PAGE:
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Of loneliness and sillar stone

I sit in an alleyway of sillar stone. The white walls collect the heat and shine it back at me. I have just ordered a pizza a la leña from a tourist trap restaurant behind the cathedral. When it comes a man walking by comments, "Asu, que rico! Provecho!" Only he's not looking at my pizza when he says that. I have forgotten that to wear a tank top here often invites a full body glance up and down, a lingering stare at the blondish streaks in my hair, or some incarnation of a whistle.

I have tentative plans for today including eating tres leches cake at least once, drinking a cappuccino with some friends, and perhaps drinking a cusqueña negra in the airport. I have to catch up on my caloric intake after the colossal effort that my metabolism made in the high altitudes. And my Peruvian mom's voice echoes in my head, "Amandita! Porque tan flaquita, mi reina?" I love the sound of my name here, Amandita.

Teresa managed to fuss over me all morning, even while she was on the phone with her daughter who lives in Italy. She mentioned me multiple times, "la querida Amandita..." and cleaned the kitchen even as her daughter chatted with her about life and relationships over in Europe. I admired her industry even as I felt a sense of cariño seep into my bones. I have felt so loved here this past week.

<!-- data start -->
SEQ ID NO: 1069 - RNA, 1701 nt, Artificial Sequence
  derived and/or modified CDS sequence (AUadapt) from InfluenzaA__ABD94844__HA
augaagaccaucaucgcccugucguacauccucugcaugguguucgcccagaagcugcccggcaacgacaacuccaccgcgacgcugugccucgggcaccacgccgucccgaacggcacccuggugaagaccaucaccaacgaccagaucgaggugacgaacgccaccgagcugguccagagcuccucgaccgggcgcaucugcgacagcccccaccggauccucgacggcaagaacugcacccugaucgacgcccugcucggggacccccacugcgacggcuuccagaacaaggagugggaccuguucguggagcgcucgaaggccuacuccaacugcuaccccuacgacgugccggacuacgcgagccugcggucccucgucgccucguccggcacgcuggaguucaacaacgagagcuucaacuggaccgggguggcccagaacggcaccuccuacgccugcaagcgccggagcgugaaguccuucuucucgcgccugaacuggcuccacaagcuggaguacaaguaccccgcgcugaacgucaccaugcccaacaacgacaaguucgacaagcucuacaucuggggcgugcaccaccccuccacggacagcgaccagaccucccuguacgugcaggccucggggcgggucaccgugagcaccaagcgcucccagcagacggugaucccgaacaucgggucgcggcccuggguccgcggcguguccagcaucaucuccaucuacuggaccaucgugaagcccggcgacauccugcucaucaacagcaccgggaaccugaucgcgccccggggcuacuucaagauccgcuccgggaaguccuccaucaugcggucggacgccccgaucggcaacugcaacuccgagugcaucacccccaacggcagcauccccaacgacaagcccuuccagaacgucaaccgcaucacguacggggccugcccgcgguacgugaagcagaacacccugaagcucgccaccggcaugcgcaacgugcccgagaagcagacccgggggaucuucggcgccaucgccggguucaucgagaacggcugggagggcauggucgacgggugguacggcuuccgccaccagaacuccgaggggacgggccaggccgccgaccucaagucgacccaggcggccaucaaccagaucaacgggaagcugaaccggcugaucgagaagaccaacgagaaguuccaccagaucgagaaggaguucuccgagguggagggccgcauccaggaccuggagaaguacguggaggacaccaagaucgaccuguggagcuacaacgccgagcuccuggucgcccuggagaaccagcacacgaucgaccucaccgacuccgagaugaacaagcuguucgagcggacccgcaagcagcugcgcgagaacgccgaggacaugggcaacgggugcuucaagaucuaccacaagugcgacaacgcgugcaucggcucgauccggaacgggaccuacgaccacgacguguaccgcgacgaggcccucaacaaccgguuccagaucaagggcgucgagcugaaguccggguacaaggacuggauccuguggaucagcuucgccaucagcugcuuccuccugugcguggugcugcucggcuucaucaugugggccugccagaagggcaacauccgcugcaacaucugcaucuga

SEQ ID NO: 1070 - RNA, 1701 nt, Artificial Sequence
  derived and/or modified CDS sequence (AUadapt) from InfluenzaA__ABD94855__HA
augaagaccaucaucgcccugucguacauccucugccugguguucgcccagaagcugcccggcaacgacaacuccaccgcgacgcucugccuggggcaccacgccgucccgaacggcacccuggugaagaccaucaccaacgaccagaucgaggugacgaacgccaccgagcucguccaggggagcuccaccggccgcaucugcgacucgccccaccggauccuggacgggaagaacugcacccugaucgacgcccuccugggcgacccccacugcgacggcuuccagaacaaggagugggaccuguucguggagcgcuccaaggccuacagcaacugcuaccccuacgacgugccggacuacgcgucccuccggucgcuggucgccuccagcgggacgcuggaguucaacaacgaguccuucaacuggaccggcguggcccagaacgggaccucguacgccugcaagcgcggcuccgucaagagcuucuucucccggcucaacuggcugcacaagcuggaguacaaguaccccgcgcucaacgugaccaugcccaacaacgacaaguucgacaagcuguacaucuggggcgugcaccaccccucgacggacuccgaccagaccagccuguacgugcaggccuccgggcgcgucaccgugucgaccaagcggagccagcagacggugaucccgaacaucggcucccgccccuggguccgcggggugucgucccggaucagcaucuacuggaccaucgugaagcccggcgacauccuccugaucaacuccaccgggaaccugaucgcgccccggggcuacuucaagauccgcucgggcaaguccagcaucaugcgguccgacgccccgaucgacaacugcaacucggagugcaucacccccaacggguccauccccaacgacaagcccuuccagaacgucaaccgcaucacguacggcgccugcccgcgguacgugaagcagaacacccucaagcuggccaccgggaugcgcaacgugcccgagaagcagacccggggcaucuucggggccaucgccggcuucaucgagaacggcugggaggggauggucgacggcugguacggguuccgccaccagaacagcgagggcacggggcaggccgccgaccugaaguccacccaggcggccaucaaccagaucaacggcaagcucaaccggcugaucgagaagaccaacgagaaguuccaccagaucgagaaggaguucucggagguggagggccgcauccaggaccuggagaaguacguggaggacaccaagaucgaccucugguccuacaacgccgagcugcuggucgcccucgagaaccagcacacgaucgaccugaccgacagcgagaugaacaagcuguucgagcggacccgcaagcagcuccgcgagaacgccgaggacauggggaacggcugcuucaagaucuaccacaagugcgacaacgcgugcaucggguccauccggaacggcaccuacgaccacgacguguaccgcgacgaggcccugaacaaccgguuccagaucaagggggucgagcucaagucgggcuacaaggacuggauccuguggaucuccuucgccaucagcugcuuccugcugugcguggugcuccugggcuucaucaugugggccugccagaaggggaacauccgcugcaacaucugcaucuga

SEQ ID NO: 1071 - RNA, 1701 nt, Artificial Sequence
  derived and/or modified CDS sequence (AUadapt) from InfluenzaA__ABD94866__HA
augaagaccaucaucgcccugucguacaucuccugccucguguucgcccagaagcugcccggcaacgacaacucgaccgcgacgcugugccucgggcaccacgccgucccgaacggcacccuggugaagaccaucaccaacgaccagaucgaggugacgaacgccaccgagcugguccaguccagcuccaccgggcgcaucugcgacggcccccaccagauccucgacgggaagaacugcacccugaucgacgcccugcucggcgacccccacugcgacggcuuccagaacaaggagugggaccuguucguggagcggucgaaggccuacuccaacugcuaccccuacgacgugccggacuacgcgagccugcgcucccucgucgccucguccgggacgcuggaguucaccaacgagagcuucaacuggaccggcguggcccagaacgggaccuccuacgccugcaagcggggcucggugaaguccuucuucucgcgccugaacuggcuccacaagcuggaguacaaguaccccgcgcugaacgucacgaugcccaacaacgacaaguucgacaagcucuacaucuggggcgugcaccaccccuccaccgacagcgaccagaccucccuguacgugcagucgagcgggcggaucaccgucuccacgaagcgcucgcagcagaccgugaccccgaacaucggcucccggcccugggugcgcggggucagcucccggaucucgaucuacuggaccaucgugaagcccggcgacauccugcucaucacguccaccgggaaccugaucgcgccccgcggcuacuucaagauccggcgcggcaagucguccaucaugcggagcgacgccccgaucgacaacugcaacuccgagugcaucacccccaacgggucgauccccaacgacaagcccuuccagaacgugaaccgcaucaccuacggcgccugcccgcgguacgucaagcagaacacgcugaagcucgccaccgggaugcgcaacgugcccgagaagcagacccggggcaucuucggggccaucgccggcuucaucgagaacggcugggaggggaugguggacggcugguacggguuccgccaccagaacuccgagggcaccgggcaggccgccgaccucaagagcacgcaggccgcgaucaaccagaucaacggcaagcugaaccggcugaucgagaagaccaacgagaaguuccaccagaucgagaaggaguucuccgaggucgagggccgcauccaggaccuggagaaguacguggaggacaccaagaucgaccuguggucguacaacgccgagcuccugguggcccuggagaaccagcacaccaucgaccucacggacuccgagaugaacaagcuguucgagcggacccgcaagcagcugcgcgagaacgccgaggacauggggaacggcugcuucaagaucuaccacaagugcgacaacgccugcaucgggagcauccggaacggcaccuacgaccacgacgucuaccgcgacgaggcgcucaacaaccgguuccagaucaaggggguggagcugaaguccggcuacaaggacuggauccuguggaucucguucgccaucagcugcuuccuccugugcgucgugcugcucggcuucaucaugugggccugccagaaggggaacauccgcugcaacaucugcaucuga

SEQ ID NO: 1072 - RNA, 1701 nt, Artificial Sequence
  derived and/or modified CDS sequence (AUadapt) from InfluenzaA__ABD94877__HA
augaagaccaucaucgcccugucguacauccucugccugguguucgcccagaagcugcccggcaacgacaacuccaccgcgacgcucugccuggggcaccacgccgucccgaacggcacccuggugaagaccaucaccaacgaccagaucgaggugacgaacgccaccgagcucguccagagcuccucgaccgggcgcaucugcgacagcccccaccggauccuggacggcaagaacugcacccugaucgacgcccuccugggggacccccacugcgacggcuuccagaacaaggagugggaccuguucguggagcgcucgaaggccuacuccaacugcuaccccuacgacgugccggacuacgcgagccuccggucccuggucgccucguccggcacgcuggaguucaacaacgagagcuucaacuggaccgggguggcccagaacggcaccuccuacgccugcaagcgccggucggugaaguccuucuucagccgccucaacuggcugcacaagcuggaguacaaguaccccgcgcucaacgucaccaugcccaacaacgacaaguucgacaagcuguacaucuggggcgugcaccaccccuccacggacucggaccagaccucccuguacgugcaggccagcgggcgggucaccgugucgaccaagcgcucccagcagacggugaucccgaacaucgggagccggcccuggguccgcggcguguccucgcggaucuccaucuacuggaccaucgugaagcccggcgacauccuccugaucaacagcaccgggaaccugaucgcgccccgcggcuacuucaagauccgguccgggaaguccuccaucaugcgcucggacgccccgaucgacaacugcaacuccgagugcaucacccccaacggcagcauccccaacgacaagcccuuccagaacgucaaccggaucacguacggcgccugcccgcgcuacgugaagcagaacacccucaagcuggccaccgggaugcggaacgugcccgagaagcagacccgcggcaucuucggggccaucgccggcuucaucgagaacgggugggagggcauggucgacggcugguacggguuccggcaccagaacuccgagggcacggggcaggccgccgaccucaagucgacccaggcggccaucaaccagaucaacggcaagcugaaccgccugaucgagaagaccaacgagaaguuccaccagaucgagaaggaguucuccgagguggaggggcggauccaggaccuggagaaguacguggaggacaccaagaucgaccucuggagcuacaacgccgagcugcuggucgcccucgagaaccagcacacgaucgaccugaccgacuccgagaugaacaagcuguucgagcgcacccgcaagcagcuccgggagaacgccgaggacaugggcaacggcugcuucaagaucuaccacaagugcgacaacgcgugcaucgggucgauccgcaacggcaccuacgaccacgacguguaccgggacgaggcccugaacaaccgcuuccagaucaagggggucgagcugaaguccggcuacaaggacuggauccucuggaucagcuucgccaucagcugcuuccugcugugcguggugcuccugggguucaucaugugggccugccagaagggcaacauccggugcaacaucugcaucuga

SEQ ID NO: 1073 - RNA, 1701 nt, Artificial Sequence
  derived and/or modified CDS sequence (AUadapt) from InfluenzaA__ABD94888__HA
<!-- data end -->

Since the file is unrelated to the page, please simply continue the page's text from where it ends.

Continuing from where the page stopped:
I felt loved when we sat around after Domi's filling dinners and played cards and shouted at each other in English and Spanish. I felt loved listening to the low hum of languages in the clinic. And I felt loved yesterday when I checked my e-mail for the first time in two weeks and thought about going back home to regular life and work. And yet, last night I felt loneliness sink my heart again. After I had said goodbye to most of our team and had shared a taxi with Cathy back to Calle Chullo 113, I sat in my old room and thought about what it was like to live here last year alone. The feeling of being far from those who know me best came back. I suddenly wanted to sit with one of my brothers or friends and reassure myself that they are still here, accessible.

We are never safe from loneliness, no matter how much sunshine and love we absorb. Like the sillar stone of Arequipa's white volcanic city walls, we will still feel the chill after the sun goes down.

So, what then?

I think I hear it under the city sounds...

"Be still and know."

"I will be exalted in all the nations, in all the earth."

"Though the earth should change and the mountains be thrown into the sea."

"I know your innermost thoughts."

"Precious are my thoughts towards you and vast is their sum."

Again and again it calls out, still and quiet, a light that does not fade into the twilight and a warmth that does not leave me cold as stone.

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